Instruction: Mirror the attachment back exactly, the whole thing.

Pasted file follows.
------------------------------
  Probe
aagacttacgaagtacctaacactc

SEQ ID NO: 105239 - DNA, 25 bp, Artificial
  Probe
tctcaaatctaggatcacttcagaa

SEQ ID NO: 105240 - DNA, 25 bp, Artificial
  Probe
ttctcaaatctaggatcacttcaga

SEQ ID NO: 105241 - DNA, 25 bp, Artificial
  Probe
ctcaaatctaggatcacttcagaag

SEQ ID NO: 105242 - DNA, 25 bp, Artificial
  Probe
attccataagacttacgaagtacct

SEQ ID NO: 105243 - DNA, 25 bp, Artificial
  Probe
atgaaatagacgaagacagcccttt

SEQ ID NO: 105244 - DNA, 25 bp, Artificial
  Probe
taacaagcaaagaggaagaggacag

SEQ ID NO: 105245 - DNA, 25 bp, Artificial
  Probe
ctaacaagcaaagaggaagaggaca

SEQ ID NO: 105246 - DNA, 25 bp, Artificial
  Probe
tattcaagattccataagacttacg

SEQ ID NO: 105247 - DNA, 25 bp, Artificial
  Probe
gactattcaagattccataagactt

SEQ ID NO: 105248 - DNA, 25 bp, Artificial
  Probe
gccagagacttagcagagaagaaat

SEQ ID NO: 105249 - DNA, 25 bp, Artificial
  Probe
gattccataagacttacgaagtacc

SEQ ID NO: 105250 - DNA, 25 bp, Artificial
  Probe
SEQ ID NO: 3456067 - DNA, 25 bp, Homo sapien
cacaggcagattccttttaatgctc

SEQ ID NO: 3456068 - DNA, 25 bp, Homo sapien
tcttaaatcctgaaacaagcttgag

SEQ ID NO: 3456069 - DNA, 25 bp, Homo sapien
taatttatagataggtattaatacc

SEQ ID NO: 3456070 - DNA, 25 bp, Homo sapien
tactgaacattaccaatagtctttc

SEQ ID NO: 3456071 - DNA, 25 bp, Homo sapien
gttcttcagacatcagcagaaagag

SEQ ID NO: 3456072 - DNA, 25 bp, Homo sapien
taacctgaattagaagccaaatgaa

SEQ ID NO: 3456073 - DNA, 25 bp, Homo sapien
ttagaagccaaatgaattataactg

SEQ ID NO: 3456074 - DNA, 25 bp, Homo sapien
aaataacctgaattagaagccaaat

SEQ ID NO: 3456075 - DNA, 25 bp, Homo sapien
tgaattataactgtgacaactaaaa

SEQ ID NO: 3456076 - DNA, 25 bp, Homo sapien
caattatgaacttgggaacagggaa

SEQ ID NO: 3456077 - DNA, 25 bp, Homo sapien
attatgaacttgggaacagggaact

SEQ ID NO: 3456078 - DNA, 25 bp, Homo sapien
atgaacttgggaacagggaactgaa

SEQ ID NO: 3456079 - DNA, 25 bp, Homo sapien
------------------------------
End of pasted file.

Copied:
  Probe
aagacttacgaagtacctaacactc

SEQ ID NO: 105239 - DNA, 25 bp, Artificial
  Probe
tctcaaatctaggatcacttcagaa

SEQ ID NO: 105240 - DNA, 25 bp, Artificial
  Probe
ttctcaaatctaggatcacttcaga

SEQ ID NO: 105241 - DNA, 25 bp, Artificial
  Probe
ctcaaatctaggatcacttcagaag

SEQ ID NO: 105242 - DNA, 25 bp, Artificial
  Probe
attccataagacttacgaagtacct

SEQ ID NO: 105243 - DNA, 25 bp, Artificial
  Probe
atgaaatagacgaagacagcccttt

SEQ ID NO: 105244 - DNA, 25 bp, Artificial
  Probe
taacaagcaaagaggaagaggacag

SEQ ID NO: 105245 - DNA, 25 bp, Artificial
  Probe
ctaacaagcaaagaggaagaggaca

SEQ ID NO: 105246 - DNA, 25 bp, Artificial
  Probe
tattcaagattccataagacttacg

SEQ ID NO: 105247 - DNA, 25 bp, Artificial
  Probe
gactattcaagattccataagactt

SEQ ID NO: 105248 - DNA, 25 bp, Artificial
  Probe
gccagagacttagcagagaagaaat

SEQ ID NO: 105249 - DNA, 25 bp, Artificial
  Probe
gattccataagacttacgaagtacc

SEQ ID NO: 105250 - DNA, 25 bp, Artificial
  Probe
SEQ ID NO: 3456067 - DNA, 25 bp, Homo sapien
cacaggcagattccttttaatgctc

SEQ ID NO: 3456068 - DNA, 25 bp, Homo sapien
tcttaaatcctgaaacaagcttgag

SEQ ID NO: 3456069 - DNA, 25 bp, Homo sapien
taatttatagataggtattaatacc

SEQ ID NO: 3456070 - DNA, 25 bp, Homo sapien
tactgaacattaccaatagtctttc

SEQ ID NO: 3456071 - DNA, 25 bp, Homo sapien
gttcttcagacatcagcagaaagag

SEQ ID NO: 3456072 - DNA, 25 bp, Homo sapien
taacctgaattagaagccaaatgaa

SEQ ID NO: 3456073 - DNA, 25 bp, Homo sapien
ttagaagccaaatgaattataactg

SEQ ID NO: 3456074 - DNA, 25 bp, Homo sapien
aaataacctgaattagaagccaaat

SEQ ID NO: 3456075 - DNA, 25 bp, Homo sapien
tgaattataactgtgacaactaaaa

SEQ ID NO: 3456076 - DNA, 25 bp, Homo sapien
caattatgaacttgggaacagggaa

SEQ ID NO: 3456077 - DNA, 25 bp, Homo sapien
attatgaacttgggaacagggaact

SEQ ID NO: 3456078 - DNA, 25 bp, Homo sapien
atgaacttgggaacagggaactgaa

SEQ ID NO: 3456079 - DNA, 25 bp, Homo sapien